With the command below, we create a new partition on your drive using the “ext4” drive format. You will need to specify a few things for this command to work.

  • <DISKPATH>“: This is the device path to the disk you want to create the new partition¬†using the terminal.
  • <START>“: Partitions can start anywhere on the disk. First, you must specify where this new partition starts. It can not overlap with any existing partitions on your disk.

    If you want this partition to start at the beginning of the drive, type in 0 for the start position.
  • <END>“: You must also specify the ending position for the new partition. The end position lets you control how big the partition is on your drive.

    If you want this partition to expand over the whole drive, set this to the size of your drive. For example, for a 131 GB drive we can use “131G” for this option.
sudo parted <DISKPATH> mkpart primary ext4 <START> <END>

For example, we formatted our drive with a partition that spanned the entire length of our disk by using the following command.

sudo parted /dev/vdb mkpart primary ext4 0 131G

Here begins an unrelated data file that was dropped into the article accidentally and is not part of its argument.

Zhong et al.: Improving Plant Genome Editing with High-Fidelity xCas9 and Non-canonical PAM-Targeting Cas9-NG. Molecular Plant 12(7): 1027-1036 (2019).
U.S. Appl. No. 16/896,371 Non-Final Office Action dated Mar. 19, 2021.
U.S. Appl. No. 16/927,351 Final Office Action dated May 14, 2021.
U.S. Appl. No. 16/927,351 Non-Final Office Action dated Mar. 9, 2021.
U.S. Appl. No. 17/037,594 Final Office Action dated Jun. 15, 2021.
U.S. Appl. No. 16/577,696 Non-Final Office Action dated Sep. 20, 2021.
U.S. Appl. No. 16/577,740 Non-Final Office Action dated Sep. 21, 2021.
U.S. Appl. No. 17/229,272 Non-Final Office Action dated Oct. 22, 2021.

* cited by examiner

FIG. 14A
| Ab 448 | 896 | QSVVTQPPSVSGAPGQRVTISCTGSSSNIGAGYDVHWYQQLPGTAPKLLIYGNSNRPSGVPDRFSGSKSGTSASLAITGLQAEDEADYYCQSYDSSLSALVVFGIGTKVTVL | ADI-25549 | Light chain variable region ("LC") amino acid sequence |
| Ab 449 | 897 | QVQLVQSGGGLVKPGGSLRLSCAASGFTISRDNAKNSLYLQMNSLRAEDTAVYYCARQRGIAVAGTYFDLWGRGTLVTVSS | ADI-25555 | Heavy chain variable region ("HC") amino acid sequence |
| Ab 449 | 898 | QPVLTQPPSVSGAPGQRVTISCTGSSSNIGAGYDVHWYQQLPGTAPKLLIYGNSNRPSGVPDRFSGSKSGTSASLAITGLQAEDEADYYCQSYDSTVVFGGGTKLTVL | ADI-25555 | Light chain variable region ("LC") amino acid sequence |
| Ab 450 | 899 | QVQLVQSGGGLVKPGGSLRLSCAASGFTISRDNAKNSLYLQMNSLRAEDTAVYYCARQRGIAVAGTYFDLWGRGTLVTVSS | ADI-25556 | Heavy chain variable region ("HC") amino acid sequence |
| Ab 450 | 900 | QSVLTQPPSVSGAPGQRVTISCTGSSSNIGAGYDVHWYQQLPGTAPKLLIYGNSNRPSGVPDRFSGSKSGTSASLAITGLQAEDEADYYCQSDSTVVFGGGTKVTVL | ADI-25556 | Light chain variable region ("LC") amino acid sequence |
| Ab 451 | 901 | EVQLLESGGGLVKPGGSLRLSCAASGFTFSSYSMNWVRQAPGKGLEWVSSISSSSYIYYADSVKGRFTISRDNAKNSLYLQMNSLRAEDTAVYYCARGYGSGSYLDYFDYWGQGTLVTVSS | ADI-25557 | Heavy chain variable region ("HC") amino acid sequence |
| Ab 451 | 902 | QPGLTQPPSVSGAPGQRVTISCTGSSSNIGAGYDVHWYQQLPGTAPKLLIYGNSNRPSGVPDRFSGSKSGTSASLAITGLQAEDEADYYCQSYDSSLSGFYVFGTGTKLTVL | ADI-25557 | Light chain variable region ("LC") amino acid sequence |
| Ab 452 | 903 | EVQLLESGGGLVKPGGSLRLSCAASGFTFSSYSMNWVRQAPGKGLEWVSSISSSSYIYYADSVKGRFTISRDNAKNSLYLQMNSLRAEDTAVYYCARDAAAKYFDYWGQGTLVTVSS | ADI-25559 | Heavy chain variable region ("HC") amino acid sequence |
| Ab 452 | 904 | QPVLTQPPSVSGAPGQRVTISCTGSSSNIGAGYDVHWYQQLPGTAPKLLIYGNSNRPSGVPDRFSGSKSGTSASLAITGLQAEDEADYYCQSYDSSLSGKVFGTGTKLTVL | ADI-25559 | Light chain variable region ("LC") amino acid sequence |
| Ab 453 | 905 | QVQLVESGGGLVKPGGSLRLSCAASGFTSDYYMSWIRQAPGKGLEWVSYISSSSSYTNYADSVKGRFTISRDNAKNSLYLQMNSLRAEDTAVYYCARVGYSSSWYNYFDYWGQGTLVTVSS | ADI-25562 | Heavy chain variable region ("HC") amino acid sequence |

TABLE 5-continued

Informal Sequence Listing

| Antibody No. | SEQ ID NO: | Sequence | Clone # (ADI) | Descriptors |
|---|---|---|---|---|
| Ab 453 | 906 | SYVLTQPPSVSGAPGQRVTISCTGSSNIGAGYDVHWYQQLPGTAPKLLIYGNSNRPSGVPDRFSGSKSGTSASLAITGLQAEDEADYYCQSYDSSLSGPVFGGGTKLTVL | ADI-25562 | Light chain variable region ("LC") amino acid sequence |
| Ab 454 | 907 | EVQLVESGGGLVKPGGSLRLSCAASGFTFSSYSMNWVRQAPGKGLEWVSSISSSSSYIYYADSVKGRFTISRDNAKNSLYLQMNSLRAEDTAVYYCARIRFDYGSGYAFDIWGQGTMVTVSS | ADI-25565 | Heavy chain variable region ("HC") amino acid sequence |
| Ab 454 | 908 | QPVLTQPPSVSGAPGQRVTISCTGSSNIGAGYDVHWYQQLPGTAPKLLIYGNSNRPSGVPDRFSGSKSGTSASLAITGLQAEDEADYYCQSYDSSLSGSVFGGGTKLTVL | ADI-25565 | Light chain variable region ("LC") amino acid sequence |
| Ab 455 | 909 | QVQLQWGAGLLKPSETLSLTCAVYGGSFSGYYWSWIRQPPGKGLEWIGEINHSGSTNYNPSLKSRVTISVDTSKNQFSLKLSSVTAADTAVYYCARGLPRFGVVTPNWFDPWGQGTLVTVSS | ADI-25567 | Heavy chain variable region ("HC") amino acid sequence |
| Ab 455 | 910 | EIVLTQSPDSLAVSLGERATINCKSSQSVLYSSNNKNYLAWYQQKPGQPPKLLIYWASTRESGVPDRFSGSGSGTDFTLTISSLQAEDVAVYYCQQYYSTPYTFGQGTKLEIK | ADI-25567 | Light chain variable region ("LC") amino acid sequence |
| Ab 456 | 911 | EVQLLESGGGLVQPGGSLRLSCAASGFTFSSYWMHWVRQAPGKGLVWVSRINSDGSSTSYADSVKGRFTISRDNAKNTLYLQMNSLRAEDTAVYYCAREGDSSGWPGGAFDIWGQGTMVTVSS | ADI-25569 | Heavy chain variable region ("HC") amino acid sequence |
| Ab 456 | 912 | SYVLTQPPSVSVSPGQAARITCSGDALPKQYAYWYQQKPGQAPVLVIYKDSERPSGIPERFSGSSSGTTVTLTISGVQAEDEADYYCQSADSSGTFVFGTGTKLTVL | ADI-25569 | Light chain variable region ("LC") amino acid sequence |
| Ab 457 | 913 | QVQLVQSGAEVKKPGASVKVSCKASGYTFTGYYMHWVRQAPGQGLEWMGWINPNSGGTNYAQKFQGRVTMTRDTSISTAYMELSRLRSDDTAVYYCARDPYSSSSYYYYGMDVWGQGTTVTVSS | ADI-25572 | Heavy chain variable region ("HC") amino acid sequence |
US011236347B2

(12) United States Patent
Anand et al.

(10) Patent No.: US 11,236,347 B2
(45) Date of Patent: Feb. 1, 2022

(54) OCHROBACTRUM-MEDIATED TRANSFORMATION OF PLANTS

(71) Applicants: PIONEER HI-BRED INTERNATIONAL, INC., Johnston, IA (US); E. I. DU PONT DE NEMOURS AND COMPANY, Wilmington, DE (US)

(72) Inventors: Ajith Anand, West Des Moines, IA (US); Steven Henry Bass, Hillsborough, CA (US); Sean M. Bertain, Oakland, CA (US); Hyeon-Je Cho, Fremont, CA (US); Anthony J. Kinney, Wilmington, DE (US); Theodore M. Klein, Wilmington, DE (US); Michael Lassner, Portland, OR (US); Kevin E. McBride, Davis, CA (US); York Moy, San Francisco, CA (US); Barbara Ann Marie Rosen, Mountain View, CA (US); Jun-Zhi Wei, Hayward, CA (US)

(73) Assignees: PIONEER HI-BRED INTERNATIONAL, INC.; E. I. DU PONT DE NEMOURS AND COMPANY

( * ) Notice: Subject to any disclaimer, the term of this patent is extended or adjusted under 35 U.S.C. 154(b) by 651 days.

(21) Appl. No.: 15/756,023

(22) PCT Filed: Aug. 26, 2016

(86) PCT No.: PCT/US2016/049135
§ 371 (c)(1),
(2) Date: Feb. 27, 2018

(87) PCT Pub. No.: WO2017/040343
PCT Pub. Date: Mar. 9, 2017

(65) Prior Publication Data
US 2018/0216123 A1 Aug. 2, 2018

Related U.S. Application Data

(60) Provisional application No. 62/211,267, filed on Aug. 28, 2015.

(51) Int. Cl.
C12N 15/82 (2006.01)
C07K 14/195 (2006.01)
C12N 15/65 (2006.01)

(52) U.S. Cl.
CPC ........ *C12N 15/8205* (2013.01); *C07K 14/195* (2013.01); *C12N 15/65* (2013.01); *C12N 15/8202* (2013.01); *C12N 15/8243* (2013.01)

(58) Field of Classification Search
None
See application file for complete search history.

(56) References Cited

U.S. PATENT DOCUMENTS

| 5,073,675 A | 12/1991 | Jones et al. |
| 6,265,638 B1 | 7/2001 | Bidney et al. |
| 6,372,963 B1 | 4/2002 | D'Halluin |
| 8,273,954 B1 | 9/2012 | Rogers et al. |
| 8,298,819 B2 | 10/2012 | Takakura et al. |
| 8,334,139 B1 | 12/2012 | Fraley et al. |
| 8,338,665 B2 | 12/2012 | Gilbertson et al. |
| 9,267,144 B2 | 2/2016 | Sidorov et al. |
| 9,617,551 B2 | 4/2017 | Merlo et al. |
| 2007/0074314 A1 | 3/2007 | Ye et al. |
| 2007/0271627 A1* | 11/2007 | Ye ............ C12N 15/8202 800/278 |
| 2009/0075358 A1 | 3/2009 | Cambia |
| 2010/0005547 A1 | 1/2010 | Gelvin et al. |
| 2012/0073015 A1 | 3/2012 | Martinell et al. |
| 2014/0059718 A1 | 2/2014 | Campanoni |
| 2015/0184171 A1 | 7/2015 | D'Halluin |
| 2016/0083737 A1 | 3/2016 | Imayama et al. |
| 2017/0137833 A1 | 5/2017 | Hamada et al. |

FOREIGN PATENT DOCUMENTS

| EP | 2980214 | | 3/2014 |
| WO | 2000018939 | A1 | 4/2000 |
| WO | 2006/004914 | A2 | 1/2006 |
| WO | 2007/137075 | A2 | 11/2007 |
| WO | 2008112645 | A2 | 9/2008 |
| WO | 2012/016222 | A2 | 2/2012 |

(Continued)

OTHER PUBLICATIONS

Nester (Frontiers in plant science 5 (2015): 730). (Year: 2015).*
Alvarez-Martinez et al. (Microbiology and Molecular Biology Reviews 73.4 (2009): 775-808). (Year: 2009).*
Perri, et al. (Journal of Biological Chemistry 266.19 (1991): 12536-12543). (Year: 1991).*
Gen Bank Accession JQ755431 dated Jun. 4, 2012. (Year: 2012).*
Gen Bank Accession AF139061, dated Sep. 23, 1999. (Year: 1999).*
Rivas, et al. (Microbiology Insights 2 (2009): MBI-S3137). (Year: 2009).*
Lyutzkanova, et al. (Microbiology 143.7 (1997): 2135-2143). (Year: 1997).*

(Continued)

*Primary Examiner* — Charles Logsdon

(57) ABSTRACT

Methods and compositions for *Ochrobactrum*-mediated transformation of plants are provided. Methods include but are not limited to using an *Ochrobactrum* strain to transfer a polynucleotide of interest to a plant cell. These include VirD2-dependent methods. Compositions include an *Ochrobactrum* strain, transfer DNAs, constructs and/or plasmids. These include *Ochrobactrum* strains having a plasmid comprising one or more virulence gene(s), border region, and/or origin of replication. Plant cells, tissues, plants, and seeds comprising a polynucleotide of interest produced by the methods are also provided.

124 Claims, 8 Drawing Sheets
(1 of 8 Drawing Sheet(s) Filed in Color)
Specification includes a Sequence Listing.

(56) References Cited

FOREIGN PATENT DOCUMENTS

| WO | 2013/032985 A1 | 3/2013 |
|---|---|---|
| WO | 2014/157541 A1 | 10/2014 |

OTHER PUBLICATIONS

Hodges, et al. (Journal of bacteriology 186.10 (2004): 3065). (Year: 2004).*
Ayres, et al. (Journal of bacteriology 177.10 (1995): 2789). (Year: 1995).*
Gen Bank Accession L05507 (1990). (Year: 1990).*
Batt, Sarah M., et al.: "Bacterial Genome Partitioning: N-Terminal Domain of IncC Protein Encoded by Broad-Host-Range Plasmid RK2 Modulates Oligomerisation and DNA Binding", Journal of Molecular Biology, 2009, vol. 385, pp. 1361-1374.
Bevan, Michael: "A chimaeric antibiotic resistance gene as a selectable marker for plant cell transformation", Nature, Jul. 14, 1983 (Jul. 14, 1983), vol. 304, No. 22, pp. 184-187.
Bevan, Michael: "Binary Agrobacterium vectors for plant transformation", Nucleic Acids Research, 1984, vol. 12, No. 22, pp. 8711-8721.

Checking your New Partition

4. Finally, we will want to use the Ubuntu terminal to ensure we correctly formatted the drive.

We can do this using the parted command to print out details of the specific drive to which we made changes. Replace “<DISKPATH>” with the path you got earlier.

sudo parted <DISKPATH> print

Below, you can see our virtual disk now has a partition table set and a partition that expands the whole drive.

Model: Virtio Block Device (virtblk)
Disk /dev/vdb: 131GB
Sector size (logical/physical): 512B/512B
Partition Table: gpt
Disk Flags: 

Number  Start   End    Size   File system  Name     Flags
 1      17.4kB  131GB  131GB               primary

Conclusion

Hopefully, at this stage, you will have a good understanding of how you can format a disk on Ubuntu.

We have covered how to format a disk using the desktop and terminal interfaces. The desktop process is significantly faster thanks to the Disks and GParted applications.

Please feel free to comment below if you have had any issues formatting your drive.

If you found this tutorial to be helpful, we highly recommend checking out our other Ubuntu tutorials.

Leave a Reply

Your email address will not be published. Required fields are marked *